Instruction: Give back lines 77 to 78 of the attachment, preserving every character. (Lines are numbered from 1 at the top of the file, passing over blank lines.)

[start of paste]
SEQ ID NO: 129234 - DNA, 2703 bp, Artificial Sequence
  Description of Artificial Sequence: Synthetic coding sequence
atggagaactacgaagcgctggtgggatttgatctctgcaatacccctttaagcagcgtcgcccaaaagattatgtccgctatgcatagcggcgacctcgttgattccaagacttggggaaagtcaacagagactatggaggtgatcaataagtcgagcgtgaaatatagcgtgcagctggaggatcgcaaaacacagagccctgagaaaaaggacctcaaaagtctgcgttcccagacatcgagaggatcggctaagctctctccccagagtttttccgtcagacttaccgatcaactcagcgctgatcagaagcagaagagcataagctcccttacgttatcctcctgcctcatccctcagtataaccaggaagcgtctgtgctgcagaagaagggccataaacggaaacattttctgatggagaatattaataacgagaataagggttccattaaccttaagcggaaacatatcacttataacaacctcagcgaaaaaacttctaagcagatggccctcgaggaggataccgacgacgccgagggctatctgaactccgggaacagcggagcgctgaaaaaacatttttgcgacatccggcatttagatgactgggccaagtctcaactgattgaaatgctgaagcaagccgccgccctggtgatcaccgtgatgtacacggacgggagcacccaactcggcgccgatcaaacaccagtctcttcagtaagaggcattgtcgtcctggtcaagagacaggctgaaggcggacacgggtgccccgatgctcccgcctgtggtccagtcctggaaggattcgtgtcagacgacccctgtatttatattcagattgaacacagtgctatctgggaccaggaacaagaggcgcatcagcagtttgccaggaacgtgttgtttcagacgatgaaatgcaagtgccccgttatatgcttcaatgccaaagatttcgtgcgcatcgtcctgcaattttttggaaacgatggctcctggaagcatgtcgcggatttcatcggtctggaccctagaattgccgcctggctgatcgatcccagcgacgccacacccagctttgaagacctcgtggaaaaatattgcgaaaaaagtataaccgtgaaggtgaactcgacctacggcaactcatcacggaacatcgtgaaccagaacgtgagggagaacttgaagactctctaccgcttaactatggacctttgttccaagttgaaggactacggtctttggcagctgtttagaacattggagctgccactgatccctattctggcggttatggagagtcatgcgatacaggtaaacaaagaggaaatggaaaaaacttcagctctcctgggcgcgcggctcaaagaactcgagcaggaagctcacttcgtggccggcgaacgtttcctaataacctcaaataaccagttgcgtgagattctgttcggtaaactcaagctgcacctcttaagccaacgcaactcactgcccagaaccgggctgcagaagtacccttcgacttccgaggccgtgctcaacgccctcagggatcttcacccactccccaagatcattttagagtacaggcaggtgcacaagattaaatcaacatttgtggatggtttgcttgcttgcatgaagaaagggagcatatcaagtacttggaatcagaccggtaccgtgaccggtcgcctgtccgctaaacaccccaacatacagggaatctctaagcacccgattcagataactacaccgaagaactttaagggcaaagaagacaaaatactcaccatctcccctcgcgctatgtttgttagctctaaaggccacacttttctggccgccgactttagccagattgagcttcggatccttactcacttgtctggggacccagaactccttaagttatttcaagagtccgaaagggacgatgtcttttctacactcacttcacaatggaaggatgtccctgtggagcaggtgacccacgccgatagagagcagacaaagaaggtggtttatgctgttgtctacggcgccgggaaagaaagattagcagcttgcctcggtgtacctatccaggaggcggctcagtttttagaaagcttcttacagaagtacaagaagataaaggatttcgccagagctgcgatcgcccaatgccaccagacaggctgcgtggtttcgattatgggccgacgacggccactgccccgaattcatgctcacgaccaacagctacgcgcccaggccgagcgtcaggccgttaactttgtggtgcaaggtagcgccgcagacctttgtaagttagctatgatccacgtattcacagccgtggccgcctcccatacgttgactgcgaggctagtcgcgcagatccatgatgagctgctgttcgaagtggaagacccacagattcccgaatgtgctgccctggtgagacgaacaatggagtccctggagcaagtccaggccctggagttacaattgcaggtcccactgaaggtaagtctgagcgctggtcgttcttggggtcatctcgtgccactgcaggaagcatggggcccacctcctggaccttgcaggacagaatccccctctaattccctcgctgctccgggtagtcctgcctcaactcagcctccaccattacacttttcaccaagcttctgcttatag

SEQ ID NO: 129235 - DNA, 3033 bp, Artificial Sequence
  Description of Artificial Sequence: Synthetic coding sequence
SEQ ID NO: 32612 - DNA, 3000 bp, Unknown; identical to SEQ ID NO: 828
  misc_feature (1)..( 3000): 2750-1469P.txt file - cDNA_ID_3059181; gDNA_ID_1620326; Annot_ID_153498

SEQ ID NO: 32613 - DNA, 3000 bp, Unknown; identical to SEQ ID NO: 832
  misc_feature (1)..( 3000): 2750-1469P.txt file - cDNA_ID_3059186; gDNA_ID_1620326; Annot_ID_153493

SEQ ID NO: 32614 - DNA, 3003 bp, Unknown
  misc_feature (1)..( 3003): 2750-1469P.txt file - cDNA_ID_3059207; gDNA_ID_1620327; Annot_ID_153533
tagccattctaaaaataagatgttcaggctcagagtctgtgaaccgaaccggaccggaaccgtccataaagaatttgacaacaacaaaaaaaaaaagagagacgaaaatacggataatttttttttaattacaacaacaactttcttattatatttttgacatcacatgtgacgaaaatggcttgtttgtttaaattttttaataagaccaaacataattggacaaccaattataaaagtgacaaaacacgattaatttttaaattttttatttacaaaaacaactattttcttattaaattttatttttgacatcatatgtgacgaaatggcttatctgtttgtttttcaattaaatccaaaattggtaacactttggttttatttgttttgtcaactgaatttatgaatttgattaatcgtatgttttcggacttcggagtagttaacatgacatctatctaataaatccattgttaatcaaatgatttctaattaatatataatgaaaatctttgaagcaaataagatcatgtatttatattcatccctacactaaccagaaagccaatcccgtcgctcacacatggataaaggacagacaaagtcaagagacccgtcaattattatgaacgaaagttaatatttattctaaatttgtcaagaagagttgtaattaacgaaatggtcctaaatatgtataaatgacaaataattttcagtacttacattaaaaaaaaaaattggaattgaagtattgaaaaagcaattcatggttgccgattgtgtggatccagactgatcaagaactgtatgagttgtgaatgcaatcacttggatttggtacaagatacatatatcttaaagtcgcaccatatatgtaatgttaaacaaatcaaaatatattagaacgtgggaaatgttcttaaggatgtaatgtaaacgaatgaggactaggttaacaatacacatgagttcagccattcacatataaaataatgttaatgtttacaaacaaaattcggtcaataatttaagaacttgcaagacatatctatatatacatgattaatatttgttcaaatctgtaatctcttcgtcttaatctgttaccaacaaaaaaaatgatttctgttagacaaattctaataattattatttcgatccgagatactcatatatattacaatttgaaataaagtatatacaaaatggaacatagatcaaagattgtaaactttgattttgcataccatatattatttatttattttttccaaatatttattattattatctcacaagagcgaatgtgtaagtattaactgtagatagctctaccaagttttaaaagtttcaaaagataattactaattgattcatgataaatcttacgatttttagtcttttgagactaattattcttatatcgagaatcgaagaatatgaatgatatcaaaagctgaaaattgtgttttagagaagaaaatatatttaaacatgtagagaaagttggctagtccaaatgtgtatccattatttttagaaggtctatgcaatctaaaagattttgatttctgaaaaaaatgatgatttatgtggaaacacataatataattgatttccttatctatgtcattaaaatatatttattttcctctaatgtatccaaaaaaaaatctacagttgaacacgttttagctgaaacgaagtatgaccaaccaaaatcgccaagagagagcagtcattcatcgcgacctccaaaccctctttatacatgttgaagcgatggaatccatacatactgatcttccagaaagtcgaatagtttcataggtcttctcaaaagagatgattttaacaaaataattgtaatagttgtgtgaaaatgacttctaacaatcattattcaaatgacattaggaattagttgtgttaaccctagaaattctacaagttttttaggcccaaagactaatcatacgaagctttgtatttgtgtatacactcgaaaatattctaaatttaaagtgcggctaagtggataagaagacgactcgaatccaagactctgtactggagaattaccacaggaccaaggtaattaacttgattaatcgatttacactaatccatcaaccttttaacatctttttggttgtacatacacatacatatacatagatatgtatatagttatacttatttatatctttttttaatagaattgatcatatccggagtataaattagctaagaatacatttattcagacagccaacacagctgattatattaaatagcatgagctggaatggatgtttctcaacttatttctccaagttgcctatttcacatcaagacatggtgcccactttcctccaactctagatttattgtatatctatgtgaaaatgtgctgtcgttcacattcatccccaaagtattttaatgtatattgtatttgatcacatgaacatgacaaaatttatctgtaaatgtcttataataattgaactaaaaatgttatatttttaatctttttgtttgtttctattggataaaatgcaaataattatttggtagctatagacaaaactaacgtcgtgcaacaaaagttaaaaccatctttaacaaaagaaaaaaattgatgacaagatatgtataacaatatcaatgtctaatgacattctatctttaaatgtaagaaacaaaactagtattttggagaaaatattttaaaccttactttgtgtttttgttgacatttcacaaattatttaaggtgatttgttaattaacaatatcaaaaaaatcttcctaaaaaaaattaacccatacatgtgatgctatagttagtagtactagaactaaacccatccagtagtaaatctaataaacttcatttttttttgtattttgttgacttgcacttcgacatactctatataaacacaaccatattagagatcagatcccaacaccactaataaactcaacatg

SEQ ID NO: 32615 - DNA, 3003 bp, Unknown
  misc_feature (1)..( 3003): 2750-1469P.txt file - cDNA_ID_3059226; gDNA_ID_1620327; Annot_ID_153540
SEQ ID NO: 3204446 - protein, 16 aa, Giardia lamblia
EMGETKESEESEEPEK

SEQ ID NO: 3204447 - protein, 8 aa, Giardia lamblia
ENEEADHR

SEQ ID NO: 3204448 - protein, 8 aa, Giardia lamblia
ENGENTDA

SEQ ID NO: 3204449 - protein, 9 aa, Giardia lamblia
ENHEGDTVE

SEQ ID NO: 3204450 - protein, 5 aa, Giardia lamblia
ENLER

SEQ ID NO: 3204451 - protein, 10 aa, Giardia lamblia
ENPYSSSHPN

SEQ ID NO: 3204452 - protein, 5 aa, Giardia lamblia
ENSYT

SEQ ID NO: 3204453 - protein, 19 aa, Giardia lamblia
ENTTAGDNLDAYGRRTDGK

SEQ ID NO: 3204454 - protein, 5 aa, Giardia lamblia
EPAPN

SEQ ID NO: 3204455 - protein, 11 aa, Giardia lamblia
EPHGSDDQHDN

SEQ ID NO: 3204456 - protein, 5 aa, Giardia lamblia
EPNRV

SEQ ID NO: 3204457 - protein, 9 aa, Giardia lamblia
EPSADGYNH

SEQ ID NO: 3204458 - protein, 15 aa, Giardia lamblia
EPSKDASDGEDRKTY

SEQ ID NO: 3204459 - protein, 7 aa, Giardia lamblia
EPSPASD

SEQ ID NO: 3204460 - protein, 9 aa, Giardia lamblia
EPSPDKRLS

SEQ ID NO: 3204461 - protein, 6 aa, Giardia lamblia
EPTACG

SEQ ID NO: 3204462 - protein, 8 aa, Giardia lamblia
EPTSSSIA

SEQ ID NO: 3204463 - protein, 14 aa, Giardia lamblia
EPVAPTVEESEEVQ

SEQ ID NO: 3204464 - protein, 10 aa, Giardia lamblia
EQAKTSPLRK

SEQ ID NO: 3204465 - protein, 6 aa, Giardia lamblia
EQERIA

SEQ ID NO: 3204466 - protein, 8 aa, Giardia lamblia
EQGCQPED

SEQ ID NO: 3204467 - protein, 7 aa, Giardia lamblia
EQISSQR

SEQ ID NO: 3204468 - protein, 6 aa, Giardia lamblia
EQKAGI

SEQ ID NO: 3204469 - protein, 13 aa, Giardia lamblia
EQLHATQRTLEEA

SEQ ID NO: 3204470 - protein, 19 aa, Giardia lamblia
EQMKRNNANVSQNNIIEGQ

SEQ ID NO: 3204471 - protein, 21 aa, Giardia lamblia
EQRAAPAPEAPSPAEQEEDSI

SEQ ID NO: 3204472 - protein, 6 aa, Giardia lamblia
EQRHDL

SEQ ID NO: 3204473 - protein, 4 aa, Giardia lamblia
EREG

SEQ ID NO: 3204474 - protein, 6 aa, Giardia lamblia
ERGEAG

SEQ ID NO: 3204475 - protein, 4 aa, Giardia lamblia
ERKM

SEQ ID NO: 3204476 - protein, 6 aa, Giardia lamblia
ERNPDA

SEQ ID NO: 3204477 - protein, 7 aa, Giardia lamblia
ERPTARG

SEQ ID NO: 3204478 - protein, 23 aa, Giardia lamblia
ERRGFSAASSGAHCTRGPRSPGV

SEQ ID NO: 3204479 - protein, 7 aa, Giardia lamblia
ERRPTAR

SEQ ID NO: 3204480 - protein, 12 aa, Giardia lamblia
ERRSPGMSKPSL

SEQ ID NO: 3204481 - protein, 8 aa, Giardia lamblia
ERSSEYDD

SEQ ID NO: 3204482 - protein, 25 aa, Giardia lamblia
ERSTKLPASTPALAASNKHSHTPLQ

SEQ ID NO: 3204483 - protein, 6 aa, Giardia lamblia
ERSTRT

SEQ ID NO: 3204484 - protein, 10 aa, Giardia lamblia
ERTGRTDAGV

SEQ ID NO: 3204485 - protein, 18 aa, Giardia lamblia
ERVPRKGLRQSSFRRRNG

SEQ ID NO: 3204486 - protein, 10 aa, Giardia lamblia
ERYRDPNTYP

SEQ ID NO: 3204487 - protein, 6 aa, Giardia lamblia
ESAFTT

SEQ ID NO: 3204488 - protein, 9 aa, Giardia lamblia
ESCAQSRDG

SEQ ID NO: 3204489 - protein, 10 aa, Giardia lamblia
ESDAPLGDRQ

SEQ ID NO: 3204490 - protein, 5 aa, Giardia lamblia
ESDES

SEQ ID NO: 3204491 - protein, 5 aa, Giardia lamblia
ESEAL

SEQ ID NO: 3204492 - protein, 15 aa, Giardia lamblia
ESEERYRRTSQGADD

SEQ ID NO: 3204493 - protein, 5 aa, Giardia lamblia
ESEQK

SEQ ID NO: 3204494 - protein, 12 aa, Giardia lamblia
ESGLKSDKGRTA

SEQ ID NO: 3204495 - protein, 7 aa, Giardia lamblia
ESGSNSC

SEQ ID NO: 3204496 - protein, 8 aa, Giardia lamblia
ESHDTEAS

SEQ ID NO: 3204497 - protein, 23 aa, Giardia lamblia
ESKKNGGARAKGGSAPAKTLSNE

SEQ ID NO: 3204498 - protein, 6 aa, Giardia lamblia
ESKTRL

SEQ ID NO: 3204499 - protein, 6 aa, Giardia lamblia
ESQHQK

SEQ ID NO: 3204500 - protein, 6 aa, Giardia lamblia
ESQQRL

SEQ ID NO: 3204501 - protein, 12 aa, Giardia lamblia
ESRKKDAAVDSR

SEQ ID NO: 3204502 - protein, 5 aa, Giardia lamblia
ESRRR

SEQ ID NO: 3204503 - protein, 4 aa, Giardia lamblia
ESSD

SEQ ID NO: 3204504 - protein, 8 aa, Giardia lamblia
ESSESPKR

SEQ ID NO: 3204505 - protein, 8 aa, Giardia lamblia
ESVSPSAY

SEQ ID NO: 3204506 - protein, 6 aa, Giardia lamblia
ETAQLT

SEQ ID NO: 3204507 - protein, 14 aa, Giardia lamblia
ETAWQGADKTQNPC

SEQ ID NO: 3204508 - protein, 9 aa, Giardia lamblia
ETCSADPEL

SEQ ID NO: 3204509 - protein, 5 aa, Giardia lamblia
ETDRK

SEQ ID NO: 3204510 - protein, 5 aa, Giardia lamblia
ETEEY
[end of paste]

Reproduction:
SEQ ID NO: 3204477 - protein, 7 aa, Giardia lamblia
ERPTARG